How to Prevent or Minimize the Risk of an Allegation
Preventing or Minimizing the Risk of an Allegation
If you live your life in fear of an allegation, you will find yourself undermining your role of being a good parent to the child.
Even though you can never prevent an allegation from coming upon your family, you can look at the reasons parents often come under allegations in order to minimize the risk of allegations. You can also evaluate or seek more training on how to deal with these concerns.
Use appropriate and approved Child Rearing Techniques:
Never use or threaten to use spanking as a means of discipline. Spanking cannot be done by non-parent guardians and is prohibited by licensing regulations. A foster parent must be a model of appropriate behavior and a teacher of problem-solving and communication skills to the children.
Discipline guidelines for foster children are very different than for our permanent children. Get all the training you can on how to use good behavior management techniques to keep your house under control.
Never withhold a meal as a form of discipline. Withholding a meal or threatening to withhold a meal is not acceptable. The focus of foster care is teaching not punishment. Withholding food from children who have often been without is a form of negative punishment. For children-in- care, it reinforces negative examples of what can happen in their lives.
Restraints are extremely dangerous. Work hard to learn other methods of behavior control. There is training available to learn how to properly restrain a child who is out of control, but many agencies do not teach physical restraint since that is not acceptable. However, sometimes you may need to separate children so ASK YOUR AGENCY FOR THEIR APPROVED METHODS. If a child has been restrained, notify the agency immediately.
Lack of Supervision
Lack of Supervision is the allegation that is most frequently substantiated. It may range from leaving a child at home unsupervised, one child abusing another child or a visitor being brought into the house. It might happen when the foster parent is asleep or elsewhere occupied.
Lack of Supervision may involve a child being:
Left alone at home.
Left alone in the community.
Left alone with an unapproved caregiver.
Somethings to help:
Understand the agency’s expected practices.
Use the habit of staying in touch with what is happening with the kids at all times. While trust with a new child is being built, it is unwise to allow children to play unattended, or have too many places in the home where children can play. Leave doors open when children are napping & stay in touch with what is happening at that time.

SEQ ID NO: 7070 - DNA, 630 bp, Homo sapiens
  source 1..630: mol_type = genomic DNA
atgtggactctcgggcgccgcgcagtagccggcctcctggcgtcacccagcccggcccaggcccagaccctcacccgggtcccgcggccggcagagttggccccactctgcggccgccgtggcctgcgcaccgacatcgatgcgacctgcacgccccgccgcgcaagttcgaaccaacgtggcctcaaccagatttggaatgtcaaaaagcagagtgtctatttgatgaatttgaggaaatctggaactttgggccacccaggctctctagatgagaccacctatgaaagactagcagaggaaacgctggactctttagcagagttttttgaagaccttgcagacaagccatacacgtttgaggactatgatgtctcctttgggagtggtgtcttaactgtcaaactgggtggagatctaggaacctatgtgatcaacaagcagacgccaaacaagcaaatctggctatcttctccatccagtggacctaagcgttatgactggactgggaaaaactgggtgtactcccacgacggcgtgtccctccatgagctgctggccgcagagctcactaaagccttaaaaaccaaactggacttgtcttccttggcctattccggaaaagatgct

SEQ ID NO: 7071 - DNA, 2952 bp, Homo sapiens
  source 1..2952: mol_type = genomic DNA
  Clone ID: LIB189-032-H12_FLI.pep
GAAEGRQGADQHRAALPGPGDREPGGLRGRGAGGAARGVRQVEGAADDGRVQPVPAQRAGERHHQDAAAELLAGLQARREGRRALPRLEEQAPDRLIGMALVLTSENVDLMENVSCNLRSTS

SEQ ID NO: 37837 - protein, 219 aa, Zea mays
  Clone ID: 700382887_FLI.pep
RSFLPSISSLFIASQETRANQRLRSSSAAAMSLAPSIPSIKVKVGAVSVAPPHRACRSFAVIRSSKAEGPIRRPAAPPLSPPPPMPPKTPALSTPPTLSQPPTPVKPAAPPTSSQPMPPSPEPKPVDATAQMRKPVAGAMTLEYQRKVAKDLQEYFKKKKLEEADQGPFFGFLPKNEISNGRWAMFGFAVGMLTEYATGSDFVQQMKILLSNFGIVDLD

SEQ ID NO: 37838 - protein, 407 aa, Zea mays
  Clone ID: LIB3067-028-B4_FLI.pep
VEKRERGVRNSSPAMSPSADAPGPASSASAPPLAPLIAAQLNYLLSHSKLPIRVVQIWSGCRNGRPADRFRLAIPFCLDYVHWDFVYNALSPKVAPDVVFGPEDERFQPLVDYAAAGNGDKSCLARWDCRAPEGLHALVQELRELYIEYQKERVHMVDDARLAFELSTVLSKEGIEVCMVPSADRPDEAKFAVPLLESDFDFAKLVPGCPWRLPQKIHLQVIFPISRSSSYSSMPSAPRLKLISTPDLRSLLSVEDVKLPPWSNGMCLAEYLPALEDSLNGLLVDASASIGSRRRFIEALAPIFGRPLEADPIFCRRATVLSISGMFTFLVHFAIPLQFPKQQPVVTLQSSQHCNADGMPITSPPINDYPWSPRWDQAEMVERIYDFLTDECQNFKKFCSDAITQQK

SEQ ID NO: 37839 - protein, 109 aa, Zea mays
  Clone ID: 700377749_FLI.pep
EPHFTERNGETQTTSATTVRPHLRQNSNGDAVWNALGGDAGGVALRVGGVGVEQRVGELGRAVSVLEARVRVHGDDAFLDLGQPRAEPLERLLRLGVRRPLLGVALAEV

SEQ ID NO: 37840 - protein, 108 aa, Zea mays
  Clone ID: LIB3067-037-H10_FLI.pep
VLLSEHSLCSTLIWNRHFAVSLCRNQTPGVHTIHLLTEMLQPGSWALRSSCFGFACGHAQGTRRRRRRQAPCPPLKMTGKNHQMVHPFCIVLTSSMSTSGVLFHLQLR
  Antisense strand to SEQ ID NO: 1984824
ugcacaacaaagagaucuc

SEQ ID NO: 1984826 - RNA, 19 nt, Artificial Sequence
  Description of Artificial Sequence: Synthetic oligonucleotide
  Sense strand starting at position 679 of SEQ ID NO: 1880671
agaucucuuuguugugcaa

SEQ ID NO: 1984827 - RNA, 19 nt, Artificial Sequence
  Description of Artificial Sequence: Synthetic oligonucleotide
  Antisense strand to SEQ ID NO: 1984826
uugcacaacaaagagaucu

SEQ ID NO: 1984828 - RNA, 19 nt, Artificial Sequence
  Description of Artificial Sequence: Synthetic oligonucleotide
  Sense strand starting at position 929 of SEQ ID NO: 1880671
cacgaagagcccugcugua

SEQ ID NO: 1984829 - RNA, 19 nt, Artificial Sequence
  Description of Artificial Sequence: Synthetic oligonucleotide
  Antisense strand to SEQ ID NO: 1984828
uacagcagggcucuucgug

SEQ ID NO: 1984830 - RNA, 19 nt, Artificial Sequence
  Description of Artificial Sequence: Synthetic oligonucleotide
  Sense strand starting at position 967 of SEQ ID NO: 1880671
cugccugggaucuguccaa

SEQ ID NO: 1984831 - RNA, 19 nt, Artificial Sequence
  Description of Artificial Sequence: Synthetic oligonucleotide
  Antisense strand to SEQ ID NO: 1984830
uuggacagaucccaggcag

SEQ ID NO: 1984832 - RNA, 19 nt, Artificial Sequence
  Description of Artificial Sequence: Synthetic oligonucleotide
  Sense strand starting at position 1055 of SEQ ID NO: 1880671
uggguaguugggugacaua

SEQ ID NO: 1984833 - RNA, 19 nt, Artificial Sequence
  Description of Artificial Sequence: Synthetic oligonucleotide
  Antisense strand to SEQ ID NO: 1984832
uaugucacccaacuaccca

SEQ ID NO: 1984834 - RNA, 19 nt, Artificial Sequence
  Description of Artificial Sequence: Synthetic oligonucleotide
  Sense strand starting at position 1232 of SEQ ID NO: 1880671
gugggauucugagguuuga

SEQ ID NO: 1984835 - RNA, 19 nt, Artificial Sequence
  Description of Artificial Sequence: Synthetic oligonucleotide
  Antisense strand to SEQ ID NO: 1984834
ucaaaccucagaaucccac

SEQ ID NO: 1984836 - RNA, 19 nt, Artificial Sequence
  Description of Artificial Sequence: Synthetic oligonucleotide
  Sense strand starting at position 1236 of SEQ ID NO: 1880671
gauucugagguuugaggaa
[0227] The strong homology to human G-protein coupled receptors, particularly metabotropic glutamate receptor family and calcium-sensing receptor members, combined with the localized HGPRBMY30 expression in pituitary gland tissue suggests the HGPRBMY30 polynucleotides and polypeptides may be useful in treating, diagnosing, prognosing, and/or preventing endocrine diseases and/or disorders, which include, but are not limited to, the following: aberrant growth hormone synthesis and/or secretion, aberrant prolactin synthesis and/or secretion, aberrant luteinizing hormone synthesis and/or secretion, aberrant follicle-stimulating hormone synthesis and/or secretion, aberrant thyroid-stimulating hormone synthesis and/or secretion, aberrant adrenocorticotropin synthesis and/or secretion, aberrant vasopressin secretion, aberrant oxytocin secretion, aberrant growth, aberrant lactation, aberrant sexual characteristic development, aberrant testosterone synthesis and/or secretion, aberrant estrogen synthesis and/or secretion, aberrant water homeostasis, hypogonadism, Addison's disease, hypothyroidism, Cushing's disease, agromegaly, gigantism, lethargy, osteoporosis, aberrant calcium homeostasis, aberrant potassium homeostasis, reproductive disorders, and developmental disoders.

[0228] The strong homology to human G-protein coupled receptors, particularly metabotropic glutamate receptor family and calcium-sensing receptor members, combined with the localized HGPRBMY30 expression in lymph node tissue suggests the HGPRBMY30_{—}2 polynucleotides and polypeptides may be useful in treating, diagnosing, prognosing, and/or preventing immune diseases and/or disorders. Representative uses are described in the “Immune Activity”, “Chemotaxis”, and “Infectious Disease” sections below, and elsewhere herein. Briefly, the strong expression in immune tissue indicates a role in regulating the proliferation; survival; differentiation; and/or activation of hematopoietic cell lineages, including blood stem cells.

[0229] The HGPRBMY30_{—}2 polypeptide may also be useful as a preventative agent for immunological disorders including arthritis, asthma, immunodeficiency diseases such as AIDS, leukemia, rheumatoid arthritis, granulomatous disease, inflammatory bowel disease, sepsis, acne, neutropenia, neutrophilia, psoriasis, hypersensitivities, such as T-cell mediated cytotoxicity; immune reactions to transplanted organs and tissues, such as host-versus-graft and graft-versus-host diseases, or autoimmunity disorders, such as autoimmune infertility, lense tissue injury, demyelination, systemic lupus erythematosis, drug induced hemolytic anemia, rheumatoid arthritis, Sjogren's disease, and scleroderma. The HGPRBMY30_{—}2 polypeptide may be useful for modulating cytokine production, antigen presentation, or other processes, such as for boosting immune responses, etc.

Make sure that anyone who has responsibility for your children-in-care has been approved by the placing agency. GET THIS IN WRITING.
Security systems have helped many foster families. It may feel unnatural to family living to have a security system in place, but it can keep foster parents — out of trouble.
If you are planning on drinking or taking medication that will impair your responses, be sure to have a backup plan for the care of the children in case you exceed your limit or find yourself not in a normal state. If you are outside the home, be sure that the designated driver knows how to put this plan in effect for you if you are impaired and not able to make a good decision. If you keep alcohol in your home (including beer) have it secured if children are old enough to reach it.
Taking Children into Care that You Can’t Handle
Foster Parents have a hard time saying No. Practice it! Know our limits. Everyone has them. Don’t accept a child that will be a challenge that you do not feel ready to accept at this time. Ask for a copy of the licensure study for your home and review your strengths and weaknesses as seen by the agency.
Children/Youth Out of the Foster Parent’s Control
Check with your agency ahead of time for their preferred methods for you to use when a child-in- care gets out of control. Work to build support systems you can use before you need them. Calling the police to restore order in your home, while it may be effective, creates a negative relationship with the child that you will need to work hard to overcome.
A child-in-care getting out of control can happen to the best of us! Call in assistance immediately. Do not let the situation continue. If you can’t regroup, notify the agency or another experienced foster parent and get assistance. It is important that you not put the blame on the child when you have over extended yourself and allowed things to get out of control. As stated above, check with your agency ahead of time for their preferred methods for you to use in situations when children-in-care get out of control and utilize the support systems that you have developed.
Victims of abuse experience fear, anxiety, loneliness, and emotional lack of support. This happens by being ignored, degraded and humiliated. Being in care can create feelings of being unloved, unwanted, and powerless. This places children-in-care at high risk of being emotionally abused.
Since children-in-care have already been displaced by their removal from their family, foster parents must be cautious not to create situations that increase the children-in-care’s feelings of displacement. When something is given to a child-in-care, it should not be taken away to meet another’s wants or needs. For example, if a relative comes to visit, a child-in-care should not be displaced from their bed by having them give up their bed to the relative who has come to visit.
More information on emotional abuse can be found at: CWIG.Emotional Abuse
Forgetting that the Child comes out of a Different Experience
It is easy to forget that the child/youth comes to you from a very different life. You may have a child who is the same color as your family and yet comes from a completely different family and cultural background. Take the time to learn the child’s racial, cultural, and ethnic identity to assist in your response to him. Do not expect the child to “fit into your family routines” quickly.
Insensitivity to Religious Issues